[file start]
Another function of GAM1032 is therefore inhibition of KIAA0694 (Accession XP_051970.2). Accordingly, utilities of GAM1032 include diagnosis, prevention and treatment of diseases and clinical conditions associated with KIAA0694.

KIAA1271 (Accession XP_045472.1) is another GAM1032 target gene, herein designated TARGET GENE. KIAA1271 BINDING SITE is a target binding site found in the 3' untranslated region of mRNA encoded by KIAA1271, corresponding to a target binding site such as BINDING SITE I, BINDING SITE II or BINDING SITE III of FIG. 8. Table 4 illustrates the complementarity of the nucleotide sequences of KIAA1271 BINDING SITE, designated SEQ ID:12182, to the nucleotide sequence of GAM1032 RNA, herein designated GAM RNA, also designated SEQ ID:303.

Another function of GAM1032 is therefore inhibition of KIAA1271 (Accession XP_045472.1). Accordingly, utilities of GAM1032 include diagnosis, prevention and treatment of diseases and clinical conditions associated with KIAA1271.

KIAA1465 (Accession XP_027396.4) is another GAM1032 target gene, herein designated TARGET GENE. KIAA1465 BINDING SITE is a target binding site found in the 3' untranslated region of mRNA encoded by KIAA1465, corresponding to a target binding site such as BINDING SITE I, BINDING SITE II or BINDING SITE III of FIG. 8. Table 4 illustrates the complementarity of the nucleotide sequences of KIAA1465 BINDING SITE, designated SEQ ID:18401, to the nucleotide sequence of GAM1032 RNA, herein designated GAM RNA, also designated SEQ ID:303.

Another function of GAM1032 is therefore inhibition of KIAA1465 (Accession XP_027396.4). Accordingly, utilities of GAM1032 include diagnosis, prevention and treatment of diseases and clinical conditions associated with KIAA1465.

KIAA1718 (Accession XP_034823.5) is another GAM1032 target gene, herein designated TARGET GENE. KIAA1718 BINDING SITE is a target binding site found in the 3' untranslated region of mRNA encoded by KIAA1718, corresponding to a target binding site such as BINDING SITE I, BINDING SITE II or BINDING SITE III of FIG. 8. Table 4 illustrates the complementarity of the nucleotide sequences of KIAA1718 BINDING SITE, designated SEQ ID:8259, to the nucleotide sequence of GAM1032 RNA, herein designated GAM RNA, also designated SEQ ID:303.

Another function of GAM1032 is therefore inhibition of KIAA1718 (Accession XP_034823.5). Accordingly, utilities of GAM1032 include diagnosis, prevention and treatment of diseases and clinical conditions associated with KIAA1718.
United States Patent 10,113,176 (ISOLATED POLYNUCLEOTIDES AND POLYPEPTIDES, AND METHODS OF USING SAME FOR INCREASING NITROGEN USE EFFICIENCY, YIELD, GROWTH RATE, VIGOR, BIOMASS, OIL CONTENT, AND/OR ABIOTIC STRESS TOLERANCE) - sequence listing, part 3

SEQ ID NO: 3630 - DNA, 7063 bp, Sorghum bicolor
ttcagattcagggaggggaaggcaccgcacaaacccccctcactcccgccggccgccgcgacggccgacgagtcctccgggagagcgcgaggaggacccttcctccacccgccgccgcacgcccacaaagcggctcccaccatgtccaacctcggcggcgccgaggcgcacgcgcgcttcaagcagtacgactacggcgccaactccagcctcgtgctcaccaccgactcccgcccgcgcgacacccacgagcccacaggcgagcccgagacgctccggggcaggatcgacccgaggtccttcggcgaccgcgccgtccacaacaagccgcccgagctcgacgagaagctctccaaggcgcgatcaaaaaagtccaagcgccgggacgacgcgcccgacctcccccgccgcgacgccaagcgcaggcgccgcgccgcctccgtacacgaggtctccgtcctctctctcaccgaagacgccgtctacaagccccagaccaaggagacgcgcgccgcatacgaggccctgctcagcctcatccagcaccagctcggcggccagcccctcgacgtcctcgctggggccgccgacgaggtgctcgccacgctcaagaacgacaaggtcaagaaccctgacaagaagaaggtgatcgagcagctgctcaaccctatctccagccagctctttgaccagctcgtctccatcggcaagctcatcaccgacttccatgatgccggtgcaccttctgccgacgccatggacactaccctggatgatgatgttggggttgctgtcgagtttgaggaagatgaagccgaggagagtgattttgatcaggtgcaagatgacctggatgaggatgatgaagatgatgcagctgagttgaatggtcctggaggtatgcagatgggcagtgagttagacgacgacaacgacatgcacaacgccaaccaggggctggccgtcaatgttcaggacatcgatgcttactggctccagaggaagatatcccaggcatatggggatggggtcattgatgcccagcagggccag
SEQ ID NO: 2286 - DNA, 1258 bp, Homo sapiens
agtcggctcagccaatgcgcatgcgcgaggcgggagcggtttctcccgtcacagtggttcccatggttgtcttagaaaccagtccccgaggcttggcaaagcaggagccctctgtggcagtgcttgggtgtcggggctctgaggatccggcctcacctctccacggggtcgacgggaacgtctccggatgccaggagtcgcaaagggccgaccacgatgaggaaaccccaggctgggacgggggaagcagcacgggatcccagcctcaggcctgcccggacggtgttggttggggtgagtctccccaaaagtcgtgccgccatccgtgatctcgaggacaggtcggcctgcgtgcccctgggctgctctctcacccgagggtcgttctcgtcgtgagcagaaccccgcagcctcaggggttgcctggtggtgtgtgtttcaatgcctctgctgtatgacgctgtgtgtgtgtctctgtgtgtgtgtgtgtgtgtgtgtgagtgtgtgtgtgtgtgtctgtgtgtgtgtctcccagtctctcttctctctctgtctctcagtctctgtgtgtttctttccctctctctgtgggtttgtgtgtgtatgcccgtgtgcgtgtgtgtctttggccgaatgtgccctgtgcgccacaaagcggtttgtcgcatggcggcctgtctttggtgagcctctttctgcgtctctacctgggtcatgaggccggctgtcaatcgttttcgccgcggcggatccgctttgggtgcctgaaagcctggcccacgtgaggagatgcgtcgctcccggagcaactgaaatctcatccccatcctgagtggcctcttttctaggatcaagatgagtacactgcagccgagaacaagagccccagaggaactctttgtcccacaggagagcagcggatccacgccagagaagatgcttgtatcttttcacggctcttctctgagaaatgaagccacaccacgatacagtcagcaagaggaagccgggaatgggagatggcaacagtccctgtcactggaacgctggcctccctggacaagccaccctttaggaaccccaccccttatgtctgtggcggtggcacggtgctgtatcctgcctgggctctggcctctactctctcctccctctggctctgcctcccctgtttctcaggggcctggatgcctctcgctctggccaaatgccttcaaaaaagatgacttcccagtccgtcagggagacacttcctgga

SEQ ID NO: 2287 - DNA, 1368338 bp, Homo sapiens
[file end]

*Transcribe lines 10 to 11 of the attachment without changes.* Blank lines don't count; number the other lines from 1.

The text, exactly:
ttcagattcagggaggggaaggcaccgcacaaacccccctcactcccgccggccgccgcgacggccgacgagtcctccgggagagcgcgaggaggacccttcctccacccgccgccgcacgcccacaaagcggctcccaccatgtccaacctcggcggcgccgaggcgcacgcgcgcttcaagcagtacgactacggcgccaactccagcctcgtgctcaccaccgactcccgcccgcgcgacacccacgagcccacaggcgagcccgagacgctccggggcaggatcgacccgaggtccttcggcgaccgcgccgtccacaacaagccgcccgagctcgacgagaagctctccaaggcgcgatcaaaaaagtccaagcgccgggacgacgcgcccgacctcccccgccgcgacgccaagcgcaggcgccgcgccgcctccgtacacgaggtctccgtcctctctctcaccgaagacgccgtctacaagccccagaccaaggagacgcgcgccgcatacgaggccctgctcagcctcatccagcaccagctcggcggccagcccctcgacgtcctcgctggggccgccgacgaggtgctcgccacgctcaagaacgacaaggtcaagaaccctgacaagaagaaggtgatcgagcagctgctcaaccctatctccagccagctctttgaccagctcgtctccatcggcaagctcatcaccgacttccatgatgccggtgcaccttctgccgacgccatggacactaccctggatgatgatgttggggttgctgtcgagtttgaggaagatgaagccgaggagagtgattttgatcaggtgcaagatgacctggatgaggatgatgaagatgatgcagctgagttgaatggtcctggaggtatgcagatgggcagtgagttagacgacgacaacgacatgcacaacgccaaccaggggctggccgtcaatgttcaggacatcgatgcttactggctccagaggaagatatcccaggcatatggggatggggtcattgatgcccagcagggccag
SEQ ID NO: 2286 - DNA, 1258 bp, Homo sapiens